{Homeschool Product Review} ~ Master Kidz The Starry Night

Something exciting happened a few weeks ago - this box came in the mail:


We received this product to review from Kidzaw.com. It is their Master Kitz The Starry Night.


Kidzaw

You can see more information about this product at their website http://www.kidzaw.com/the-starry-night

Now art history is fascinating to me and I love studying it with my girls, but most of the time my creative juices, with hands-on ideas, fails to flow. But not now, not with this fun project from Kidzaw.com.

Inside this sturdy box is everything you need to re-create your very own Starry Night masterpiece including all paints, stencils, pastels, and even paper. The papers and templates are wrapped up in a roll. To unroll them and have them lay flat, simply roll them in two pieces of paper in the opposite direction.

Two sheets of paper are supplied in the kit, so I was able to have both Nutsy and Dasher do this project. The directions are easy to read and are given in 12 simple steps.


There is also an insert that has these same instructions and images in French, German, Spanish, and Italian.

In step 2, you fasten the star masks to the paper.  These will eventually be the big balls of light you see in the painting.


I had previewed all of these steps so I knew not to press them down too much, as they will be removed later on in the steps.

Next we squirted some paint out on a paper and using the included roller, began to roll.


The unique pattern on the roller gave the interesting texture to the sky.


The paint is water soluble, and easily comes off of hands with soap and water. We let ours dry at this point, which only took a few moments.

Next we removed the star circles. In this kit I was given one page with six star masks on it. Since my girls were doing this simultaneously, one used the star masks given, and the other cut out black circles to tape down. Both girls had no trouble at all removing them, and the sticky ones fit back on the sheet, to be used again.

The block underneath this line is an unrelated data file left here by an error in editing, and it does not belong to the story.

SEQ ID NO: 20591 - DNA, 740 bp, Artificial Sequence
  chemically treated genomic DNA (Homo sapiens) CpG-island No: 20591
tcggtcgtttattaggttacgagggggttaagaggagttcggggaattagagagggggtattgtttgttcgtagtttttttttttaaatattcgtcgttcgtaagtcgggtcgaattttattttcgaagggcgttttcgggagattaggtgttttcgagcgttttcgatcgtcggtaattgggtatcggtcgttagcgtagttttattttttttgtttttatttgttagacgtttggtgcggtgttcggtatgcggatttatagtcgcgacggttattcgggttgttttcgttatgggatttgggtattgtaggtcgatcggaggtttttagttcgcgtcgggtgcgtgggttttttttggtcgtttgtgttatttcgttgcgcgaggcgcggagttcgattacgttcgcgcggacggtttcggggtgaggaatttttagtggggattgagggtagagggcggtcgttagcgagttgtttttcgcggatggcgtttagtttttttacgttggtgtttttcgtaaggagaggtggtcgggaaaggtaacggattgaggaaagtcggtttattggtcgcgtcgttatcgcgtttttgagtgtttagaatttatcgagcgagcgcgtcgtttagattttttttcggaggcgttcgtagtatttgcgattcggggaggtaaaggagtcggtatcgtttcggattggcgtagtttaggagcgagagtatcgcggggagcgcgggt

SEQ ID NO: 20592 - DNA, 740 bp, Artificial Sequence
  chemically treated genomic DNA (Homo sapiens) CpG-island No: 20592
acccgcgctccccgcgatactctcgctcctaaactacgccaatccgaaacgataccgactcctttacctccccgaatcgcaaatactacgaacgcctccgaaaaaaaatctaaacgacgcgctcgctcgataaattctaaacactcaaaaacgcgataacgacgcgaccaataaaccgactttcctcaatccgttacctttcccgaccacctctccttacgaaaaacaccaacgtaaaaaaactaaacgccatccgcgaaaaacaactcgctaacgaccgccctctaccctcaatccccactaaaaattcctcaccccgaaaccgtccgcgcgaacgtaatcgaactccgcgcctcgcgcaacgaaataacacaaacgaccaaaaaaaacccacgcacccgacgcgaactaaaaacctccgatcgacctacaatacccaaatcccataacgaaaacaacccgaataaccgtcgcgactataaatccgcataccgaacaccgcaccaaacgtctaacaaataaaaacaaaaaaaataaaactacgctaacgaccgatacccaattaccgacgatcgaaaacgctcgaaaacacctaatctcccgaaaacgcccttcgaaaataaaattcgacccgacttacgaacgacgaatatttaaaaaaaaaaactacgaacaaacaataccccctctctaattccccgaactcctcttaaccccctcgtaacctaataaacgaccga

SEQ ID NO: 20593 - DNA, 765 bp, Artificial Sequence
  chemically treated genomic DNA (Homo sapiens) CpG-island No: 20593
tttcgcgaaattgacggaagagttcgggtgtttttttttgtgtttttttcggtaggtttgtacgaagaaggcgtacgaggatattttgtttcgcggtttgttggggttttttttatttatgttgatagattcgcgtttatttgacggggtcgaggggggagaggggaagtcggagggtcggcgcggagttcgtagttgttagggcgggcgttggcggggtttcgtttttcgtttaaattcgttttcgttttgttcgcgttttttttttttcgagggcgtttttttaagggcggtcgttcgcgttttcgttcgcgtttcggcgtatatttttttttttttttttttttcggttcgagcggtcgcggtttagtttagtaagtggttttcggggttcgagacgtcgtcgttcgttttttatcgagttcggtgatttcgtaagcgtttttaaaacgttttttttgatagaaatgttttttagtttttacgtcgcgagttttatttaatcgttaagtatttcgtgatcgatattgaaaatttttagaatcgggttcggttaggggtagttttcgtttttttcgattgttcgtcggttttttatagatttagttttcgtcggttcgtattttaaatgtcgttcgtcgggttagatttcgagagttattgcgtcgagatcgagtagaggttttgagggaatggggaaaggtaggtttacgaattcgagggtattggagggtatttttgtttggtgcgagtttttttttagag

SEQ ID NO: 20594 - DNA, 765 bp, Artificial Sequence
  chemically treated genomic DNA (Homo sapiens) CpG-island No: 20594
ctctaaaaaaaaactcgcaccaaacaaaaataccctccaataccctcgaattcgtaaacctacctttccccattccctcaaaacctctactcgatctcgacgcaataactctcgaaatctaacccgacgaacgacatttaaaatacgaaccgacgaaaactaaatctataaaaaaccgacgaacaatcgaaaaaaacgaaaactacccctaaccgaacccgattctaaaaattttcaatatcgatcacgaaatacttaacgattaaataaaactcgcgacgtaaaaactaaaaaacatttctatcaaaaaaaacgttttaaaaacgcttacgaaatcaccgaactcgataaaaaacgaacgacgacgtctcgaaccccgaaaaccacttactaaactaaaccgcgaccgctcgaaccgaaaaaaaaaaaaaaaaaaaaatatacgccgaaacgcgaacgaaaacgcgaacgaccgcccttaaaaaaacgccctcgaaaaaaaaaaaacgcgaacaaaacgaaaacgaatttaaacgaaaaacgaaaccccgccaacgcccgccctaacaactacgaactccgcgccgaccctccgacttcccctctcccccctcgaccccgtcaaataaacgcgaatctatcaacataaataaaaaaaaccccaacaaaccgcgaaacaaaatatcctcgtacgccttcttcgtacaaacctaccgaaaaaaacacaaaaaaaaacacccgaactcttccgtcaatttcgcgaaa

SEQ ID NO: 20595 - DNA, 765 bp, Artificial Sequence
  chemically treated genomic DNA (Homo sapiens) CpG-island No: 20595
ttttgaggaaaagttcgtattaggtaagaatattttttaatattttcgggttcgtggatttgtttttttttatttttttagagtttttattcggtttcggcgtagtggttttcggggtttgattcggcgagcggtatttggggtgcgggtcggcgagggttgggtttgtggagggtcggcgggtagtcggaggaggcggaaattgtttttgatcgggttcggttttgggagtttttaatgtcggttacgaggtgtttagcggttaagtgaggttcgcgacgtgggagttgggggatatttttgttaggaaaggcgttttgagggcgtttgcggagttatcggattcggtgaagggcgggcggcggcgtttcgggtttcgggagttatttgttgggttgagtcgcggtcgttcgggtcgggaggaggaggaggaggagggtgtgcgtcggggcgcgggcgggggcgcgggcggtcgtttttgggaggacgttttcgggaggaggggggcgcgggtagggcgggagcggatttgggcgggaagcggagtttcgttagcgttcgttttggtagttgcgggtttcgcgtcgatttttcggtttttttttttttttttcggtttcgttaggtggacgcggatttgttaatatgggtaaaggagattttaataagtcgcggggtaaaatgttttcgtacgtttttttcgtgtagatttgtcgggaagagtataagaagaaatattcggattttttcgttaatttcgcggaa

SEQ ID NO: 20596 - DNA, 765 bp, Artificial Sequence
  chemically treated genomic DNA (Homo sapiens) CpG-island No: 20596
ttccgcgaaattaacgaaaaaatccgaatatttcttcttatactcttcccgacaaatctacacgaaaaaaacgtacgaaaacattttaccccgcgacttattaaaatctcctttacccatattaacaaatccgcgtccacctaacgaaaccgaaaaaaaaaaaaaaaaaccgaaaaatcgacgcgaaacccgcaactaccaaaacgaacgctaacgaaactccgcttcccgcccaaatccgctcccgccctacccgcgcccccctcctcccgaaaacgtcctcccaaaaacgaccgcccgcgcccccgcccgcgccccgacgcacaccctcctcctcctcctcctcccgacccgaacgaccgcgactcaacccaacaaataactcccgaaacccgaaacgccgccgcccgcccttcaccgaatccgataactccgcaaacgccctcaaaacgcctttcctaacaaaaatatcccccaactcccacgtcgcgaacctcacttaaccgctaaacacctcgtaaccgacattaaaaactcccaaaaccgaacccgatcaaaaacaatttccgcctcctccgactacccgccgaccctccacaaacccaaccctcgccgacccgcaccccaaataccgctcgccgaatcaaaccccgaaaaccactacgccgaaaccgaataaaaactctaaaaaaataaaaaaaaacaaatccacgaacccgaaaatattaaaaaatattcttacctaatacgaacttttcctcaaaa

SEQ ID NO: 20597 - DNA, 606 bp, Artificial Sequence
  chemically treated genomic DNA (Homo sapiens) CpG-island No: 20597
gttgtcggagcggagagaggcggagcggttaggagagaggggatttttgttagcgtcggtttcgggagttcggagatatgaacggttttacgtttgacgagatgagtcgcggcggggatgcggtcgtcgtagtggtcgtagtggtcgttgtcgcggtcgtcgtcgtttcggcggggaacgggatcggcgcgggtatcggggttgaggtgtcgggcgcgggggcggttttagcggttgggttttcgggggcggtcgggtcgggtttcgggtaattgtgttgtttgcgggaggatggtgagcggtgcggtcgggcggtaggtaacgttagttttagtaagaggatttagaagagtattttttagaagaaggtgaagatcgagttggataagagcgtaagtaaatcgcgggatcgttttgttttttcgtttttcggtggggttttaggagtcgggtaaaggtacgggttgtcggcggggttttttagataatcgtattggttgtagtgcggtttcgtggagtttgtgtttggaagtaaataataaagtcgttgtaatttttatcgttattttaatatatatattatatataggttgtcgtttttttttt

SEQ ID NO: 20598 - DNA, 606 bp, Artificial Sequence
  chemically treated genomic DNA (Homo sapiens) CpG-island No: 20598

White paint went on next, to give some light to the background. And then the template fun began. We fastened the template to the paper and then used black paint to color the parts not covered.


There is only one template so the girls took turns. We used the other roller that was provided for this part - this one was smooth since it was just applying black paint to the paper.

At this point in the steps it was important that it dried completely so we put our works of art aside to learn more about Vincent van Gogh.

On the opposite side of the instructions page are many facts about van Gogh. We read through them, learning more about Impressionism and how it varied from Realism. We also read about how van Gogh then progressed to the Post-Impressionism style as he not only painted images, but gave feeling and expression to them.


I especially loved it that there were quite a few paintings on this page - ones by Rembrandt, Cezanne,  Degas, and of course, van Gogh. The girls really liked seeing the progression of painting styles, going from Realism to Impressionism to Post Impressionism, in these examples.

Their paintings were finally dry so we continued with the steps. They got out the pastels and went to work giving color to their Starry Nights.

We were given 4 colors: orange, yellow, white and blue. The girls used circular motions and blended colors to make the stars.


One daughter practiced color blending on a separate piece of paper.


I think this was their favorite part of the project. They also colored the buildings and land at the bottom, getting creative with how they personally wanted the piece to look like. This was where they were practicing their own Post Impressionism, by trying their best to put feeling into the colors and strokes.


And finally, the finished masterpieces!


I love how these paintings are similar yet so different. We talked about personal preference and being able to show yourself and your personality by your art.


This was a very fun project. I really liked it that there were rollers for parts of this, it gave my kids the ability to focus on the stars and buildings and blending their pastels. I also really appreciated that there was background information about van Gogh and Impressionism. When you read about art history you do learn, but you learn SO much more when you are actually trying to paint the same piece.

And everything can be used again - the rollers we washed out and the template, we let it dry and then rolled it back into the box. We went through about half of the paint and pastels, and so all I need to do is come up with paper that will fit the template to have them do it again if they wish.

Do check out Kidzaw.com for more fun projects! And please click below to read other reviews about this pun product.


Master Kitz The Starry Night {Kidzaw.com Reviews}


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